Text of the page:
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So you think you know how to measure and assess posture?

*notes: I don’t like the title ha, it sounds a bitty conceited but it did make you click and I figured it would be more interesting then “a thorough examination of the reliability of the visual assessment of the lumbar spine”. Anyways I think there is a valuable message here in examining the reliability of any practice you do as a trainer. Enjoy!


Posture; I haven’t talked about this subject in quite some time, frankly I’ve been spending more time focusing on learning more about strength training and programming. However, just because I haven’t really talked about it doesn’t mean I still haven’t been reading the research on it. In fact, Dr. Jonathan Fass and I are hopefully in the end phases of a research review on whether or not personal trainers should assess lumbar posture so it’s safe to say I’ve read a large percent of the relevant research on the subject.

Here’s the thing, I’m still noticing a lot of trainers talking about posture, specifically the alignment of the lumbar spine and its relationship to the pelvis (anterior pelvic tilt or posterior pelvic tilt). For simplicities sake let’s ignore the claims which include the alleged association between postural deviation and muscle imbalances and its association with pain and just focus on one question; as a personal trainer, do you really know how to assess lumbar posture? This means its accurate measurement and its change over time.

Let’s phrase this another way; your client wants to get stronger. You have a pretty good idea on how to measure a client’s strength. You might use the bench press or pull up for upper body strength or a leg press or squat for lower body strength. Now these are by no means gold standards for measuring strength but if a client can move more weight over time they have likely gotten stronger. So you have your assessment (leg press, squat, bench press, or whatever you decide to use) and you have your intervention which would be your training program. If your client gets stronger and they weren’t doing any training other than what you prescribed then your training program probably was the variable that changed their strength levels.

So you have your measure of strength which can be quantified by an actual number and your intervention which you predict will change the originally measured number. Now imagine how illogical it would be to say that you have a program that increases strength when you have no idea how to measure strength.

So before continuing to read ask yourself two questions (1) do you assess lumbar posture? And (2) do you know how lumbar posture is measured?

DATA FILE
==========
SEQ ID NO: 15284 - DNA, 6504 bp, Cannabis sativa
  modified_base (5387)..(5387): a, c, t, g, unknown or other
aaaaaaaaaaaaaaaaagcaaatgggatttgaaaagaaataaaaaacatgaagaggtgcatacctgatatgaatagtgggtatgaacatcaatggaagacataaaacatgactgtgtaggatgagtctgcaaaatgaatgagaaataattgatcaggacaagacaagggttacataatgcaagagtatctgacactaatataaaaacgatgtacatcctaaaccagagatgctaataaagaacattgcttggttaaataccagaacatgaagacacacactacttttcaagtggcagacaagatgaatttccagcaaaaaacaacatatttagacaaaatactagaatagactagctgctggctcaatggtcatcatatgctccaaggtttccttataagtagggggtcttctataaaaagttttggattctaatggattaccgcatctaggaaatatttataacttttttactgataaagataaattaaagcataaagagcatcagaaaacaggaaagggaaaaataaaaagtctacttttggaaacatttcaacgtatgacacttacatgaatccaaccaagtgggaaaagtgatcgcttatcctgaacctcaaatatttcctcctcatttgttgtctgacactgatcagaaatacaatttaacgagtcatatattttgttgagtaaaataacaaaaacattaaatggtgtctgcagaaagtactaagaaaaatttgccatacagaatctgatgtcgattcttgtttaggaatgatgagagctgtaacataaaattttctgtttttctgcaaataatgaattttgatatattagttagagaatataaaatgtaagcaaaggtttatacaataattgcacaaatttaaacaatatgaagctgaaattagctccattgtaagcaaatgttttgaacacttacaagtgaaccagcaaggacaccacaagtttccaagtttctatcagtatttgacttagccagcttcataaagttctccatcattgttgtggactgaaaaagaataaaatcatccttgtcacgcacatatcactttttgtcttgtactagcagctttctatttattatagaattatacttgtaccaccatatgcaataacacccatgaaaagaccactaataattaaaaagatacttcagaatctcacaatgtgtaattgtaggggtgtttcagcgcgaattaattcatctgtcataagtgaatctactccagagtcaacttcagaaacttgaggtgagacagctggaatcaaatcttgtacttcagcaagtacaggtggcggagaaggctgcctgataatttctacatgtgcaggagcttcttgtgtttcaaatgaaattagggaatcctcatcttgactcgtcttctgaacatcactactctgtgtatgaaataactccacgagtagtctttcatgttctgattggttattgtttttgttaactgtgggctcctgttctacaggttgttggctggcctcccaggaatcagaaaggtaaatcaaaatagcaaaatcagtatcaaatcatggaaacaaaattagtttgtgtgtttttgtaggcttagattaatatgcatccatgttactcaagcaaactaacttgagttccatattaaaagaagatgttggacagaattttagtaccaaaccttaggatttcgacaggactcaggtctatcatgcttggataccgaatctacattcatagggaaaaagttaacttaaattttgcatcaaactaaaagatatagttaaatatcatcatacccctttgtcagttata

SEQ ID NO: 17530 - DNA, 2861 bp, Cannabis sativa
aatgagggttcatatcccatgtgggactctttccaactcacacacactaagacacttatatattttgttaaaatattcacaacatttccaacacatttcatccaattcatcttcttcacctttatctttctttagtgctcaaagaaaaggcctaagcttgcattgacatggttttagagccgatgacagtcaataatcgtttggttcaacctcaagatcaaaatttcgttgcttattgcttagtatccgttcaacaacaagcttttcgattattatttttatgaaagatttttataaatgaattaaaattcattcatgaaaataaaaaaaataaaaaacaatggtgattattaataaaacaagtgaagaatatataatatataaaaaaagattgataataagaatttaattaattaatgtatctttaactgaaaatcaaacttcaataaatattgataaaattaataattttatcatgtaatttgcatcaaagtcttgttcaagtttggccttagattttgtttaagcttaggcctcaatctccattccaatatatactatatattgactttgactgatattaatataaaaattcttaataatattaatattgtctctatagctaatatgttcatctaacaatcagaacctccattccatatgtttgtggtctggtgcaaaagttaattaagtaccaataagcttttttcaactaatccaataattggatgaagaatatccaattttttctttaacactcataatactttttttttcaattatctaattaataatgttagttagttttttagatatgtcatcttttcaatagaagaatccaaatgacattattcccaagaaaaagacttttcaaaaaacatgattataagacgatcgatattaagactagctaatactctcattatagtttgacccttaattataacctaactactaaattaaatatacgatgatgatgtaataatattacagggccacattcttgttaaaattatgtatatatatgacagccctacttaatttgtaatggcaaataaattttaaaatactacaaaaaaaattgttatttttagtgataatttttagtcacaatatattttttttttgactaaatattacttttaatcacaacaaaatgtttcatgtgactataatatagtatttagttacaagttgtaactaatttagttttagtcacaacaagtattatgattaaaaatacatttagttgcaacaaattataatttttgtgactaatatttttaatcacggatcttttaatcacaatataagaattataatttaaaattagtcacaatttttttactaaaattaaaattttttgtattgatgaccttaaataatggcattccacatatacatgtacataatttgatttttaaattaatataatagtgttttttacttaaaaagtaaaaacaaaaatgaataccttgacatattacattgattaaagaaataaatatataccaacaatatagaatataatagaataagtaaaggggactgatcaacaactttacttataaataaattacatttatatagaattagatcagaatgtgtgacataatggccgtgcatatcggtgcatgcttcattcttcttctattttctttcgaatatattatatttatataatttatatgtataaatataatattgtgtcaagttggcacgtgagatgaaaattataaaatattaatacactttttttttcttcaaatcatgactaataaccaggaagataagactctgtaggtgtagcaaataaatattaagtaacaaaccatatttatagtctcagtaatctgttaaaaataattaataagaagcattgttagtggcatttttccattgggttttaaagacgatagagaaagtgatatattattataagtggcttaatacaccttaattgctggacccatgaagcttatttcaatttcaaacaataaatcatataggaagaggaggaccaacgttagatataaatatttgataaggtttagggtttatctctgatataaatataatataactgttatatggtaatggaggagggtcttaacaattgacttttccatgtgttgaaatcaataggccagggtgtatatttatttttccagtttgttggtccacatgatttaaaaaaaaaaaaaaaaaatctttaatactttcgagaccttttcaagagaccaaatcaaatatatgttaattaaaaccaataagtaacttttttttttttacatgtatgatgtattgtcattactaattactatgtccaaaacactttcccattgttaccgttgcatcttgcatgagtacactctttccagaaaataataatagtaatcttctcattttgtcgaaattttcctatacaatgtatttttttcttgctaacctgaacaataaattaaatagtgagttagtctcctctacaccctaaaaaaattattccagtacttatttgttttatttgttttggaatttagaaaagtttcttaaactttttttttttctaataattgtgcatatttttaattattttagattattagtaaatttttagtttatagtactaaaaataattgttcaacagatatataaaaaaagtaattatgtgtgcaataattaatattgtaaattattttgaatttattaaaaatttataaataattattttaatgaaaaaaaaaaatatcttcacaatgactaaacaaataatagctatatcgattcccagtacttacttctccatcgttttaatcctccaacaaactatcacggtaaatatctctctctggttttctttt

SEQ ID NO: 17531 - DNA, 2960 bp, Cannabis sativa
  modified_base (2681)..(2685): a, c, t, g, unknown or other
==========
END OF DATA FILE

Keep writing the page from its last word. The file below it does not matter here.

What is lumbar lordosis?

Lumbar lordosis refers to the anterior or inward curvature of the spine (Been).

How is lordosis measured and what is considered normal?

The problem with comparing data is that there are so many different ways people have measured lumbar lordosis. If you’re really interested check out this review by Vrtovec and colleagues. From what I’ve read, the Cobb method seems to be the standard. Cobbs method forms an angle by drawing a line at the superior endplate of L1 as well as a line at the superior endplate of the sacrum.

Cobb angle

So what’s normal?

This table comes from Roussouly, Gollogly, Berthonnaud, and Dimnet. They found that the average value for lordosis was 61.4 degrees with a range of 41.2 degrees to 81.9 degrees with the number of vertebrae contributing to the lordosis being between one and eight. They also identified four different classifications of lordosis.

Type 1 Type 2 Type 3 Type 4
Sacral slope Less than 35 degrees Less than 35 degrees Between 35 and 45 degrees Greater than 45 degrees
Lordosis range 41-64 degrees 44-58 degrees 43-76 degrees 61-82 degrees
Number of lordotic vertebrae 1.5-6 4-7.5 3-6.5 3.5-6
Prevalence 34 subjects 18 subjects 60 subjects 48 subjects

Type 3 is considered a well aligned spine but none of the individuals in this study, despite the wide range had back pain complaints.

Furthermore, Lin and colleagues also measured lumbar lordosis in a sample size of 149 subjects. The researchers discovered that the mean lordotic angle of this sample was 33.2 degrees. With one standard deviation, normal lordotic curve was 20-45 degrees. Lastly, Murrie and colleagues generated a modified Cobb angle by measuring the angle created from a line drawn between the L1/2 and L5/S1 disc spaces. The measured lordosis covered a wide range of 20 to 80 degrees.

I don’t remember the exact study but in the review section a researcher was quoted (okay I’m totally paraphrasing) as saying there is no point in defining normal spinal curvature due to large variations within the population.

Can it be accurately measured?

The answer is yes, lumbar lordosis can be accurately measured. Unfortunately just not by those still conducting visual assessments (which to my knowledge is the only way I’ve seen trainers do it). According to Vrtovec, Perus, and Likar examination of spinal curvature becomes more accurate when the evaluation is completely automated meaning relative to computerized evaluation, visual inspection is considered to be subjective, unreliable, and inconsistent (Vrtovec).